Nominations for the committee must be submitted to Joshua Winchell, Office of Policy, National Park Service, at firstname.lastname@example.org
AZ tribes hold roundtable with Sinema
WASHINGTON – Members of the Inter Tribal Council of Arizona held a virtual roundtable on Monday with Sen. Kyrsten Sinema, D-Ariz., on the investments the Infrastructure Investment and Jobs law makes to expand jobs and opportunities in tribal communities.
Arizona tribes will benefit from investments in transportation and water infrastructure, broadband deployment, and security programs – while respecting tribal sovereignty.
The law provides $3.5 billion for tribal water and sanitation infrastructure, $2 billion to expand high-speed broadband in tribal communities, and $2.5 billion in funding for Indian water rights settlements – including settlements with the Tohono O’odham Nation, Gila River, and White Mountain Apache.
Shan Lewis, vice chairman of the Fort Mojave Tribe and president of the ITAA, said, “Tribes must have a prominent voice in implementing the infrastructure funding in order to address needed improvements for tribal roads and bridges, energy development, clean drinking water, housing, broadband, and many other structures and facilities.”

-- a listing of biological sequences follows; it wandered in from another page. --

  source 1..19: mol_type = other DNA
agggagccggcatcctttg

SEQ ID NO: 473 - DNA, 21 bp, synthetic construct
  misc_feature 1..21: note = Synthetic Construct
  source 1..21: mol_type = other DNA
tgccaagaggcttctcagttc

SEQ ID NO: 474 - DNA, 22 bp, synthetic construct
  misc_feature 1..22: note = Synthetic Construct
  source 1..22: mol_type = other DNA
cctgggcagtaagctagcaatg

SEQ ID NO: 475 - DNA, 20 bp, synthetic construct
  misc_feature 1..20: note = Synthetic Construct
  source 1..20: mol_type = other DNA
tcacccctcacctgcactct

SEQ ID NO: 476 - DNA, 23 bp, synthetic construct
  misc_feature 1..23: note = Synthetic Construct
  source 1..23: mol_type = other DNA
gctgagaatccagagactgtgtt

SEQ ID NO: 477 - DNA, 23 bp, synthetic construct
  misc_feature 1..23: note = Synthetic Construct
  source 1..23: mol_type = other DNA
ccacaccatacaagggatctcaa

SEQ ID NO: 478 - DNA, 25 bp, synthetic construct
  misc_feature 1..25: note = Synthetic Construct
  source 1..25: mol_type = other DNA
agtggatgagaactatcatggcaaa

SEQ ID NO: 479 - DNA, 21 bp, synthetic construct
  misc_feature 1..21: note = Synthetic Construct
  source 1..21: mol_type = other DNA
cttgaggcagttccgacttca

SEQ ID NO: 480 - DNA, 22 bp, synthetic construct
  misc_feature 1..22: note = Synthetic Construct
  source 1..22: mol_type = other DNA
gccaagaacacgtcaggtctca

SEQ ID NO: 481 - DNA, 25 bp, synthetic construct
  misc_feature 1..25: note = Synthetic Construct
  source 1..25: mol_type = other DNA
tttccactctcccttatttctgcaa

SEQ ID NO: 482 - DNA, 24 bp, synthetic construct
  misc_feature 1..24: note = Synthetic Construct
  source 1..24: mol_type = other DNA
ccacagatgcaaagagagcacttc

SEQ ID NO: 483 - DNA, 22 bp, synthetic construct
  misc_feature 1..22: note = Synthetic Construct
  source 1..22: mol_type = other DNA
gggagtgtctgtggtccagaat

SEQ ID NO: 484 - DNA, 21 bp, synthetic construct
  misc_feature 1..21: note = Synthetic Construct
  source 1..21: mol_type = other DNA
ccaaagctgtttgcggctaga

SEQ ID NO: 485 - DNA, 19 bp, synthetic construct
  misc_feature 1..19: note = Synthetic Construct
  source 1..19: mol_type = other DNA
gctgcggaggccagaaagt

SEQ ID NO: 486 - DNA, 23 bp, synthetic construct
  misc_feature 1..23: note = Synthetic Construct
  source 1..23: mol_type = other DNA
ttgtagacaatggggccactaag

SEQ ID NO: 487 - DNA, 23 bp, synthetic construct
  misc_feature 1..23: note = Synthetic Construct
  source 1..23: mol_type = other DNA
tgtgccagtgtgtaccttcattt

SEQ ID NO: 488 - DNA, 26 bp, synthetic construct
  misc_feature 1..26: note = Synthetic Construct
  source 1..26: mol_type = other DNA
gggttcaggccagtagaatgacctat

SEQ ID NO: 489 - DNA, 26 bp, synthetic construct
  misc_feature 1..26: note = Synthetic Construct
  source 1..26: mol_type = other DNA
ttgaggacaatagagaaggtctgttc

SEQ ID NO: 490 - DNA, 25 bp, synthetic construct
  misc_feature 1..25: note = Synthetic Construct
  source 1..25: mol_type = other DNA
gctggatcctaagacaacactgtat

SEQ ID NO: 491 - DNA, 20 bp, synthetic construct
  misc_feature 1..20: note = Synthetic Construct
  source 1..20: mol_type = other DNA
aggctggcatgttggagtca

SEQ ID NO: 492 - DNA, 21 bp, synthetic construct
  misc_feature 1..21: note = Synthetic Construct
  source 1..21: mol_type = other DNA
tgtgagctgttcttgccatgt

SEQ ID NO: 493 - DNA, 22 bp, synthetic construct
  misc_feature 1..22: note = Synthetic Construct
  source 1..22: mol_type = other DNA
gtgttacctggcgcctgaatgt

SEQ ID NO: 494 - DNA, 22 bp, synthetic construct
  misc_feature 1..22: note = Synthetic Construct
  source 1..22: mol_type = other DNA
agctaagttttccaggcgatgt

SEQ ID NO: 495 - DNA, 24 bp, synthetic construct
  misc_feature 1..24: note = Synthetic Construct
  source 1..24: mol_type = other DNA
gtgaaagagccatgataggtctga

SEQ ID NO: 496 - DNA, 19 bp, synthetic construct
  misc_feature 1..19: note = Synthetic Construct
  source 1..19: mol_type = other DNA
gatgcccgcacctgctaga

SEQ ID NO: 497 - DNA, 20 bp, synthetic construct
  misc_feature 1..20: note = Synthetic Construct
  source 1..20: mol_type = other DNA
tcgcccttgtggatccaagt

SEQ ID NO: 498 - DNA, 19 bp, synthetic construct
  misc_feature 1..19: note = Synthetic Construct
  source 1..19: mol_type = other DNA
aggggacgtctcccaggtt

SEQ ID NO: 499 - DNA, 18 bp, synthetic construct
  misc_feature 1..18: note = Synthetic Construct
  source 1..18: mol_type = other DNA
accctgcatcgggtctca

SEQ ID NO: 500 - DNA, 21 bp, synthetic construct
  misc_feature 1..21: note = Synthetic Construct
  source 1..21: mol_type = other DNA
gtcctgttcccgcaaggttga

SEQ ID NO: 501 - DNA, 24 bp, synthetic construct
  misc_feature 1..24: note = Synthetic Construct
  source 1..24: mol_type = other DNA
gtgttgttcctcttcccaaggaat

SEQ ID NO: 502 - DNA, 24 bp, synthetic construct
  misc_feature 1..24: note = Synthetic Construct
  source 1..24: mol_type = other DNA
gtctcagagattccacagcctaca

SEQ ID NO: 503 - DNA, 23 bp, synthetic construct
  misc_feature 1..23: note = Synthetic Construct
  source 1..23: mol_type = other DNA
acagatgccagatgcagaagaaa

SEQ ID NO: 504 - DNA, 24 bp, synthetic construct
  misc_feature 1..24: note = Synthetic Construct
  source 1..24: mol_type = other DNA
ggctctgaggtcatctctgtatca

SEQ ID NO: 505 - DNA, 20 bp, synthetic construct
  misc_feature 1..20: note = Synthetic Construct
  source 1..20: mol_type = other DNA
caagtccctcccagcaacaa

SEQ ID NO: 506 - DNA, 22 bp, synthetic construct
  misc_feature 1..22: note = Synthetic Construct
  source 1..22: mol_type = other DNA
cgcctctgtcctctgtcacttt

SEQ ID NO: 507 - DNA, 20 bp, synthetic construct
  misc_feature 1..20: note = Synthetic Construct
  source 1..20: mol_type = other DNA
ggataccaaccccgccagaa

The Inter Tribal Council of Arizona consists of 21 tribes and was established to provide a united voice for tribal governments located in Arizona.
New Veterans Advisory Council members sworn in
WINDOW ROCK – On Jan. 4, six new members of the Navajo Nation Veterans Advisory Council were sworn in: Tim Johnson, Linda Onesalt, Elouise Brown, Gabriella Mehl, Gilbert Platero, and Olin Kieyoomia.
They join returning members Elciena Baker, Billy Goodman Jr., Vern Roy Lee, and Marie Zwierlein.
Following their oath of office, the Veterans Advisory Council elected Johnson, from Central Agency, to serve as the new chairman; Brown, from Northern Agency, as vice chair; and Baker, from Chinle Agency, as secretary.
The Navajo Nation has more than 10,000 veterans.
Lizer endorses Blackman for Congress
SNOWFLAKE, Ariz. – Walt Blackman for Congress announced Jan. 3 that Vice President Myron Lizer endorsed Blackman.
Lizer co-founded Native Americans for Trump and spoke at the 2020 Republican National Convention.
Blackman was the first black Republican elected to Arizona’s Legislature and a veteran with nearly 22 years of service in the U.S. Army.
“I want to thank Vice President Myron Lizer for his endorsement of our campaign for Arizona’s 2nd Congressional District,” Blackman said. “Much of my district in the Arizona House of Representatives includes portions of the Navajo Nation, and I’ve been proud to represent them and fight for their interests.
“When we win in 2022, Native Americans all across Arizona will have a fighter,” he said.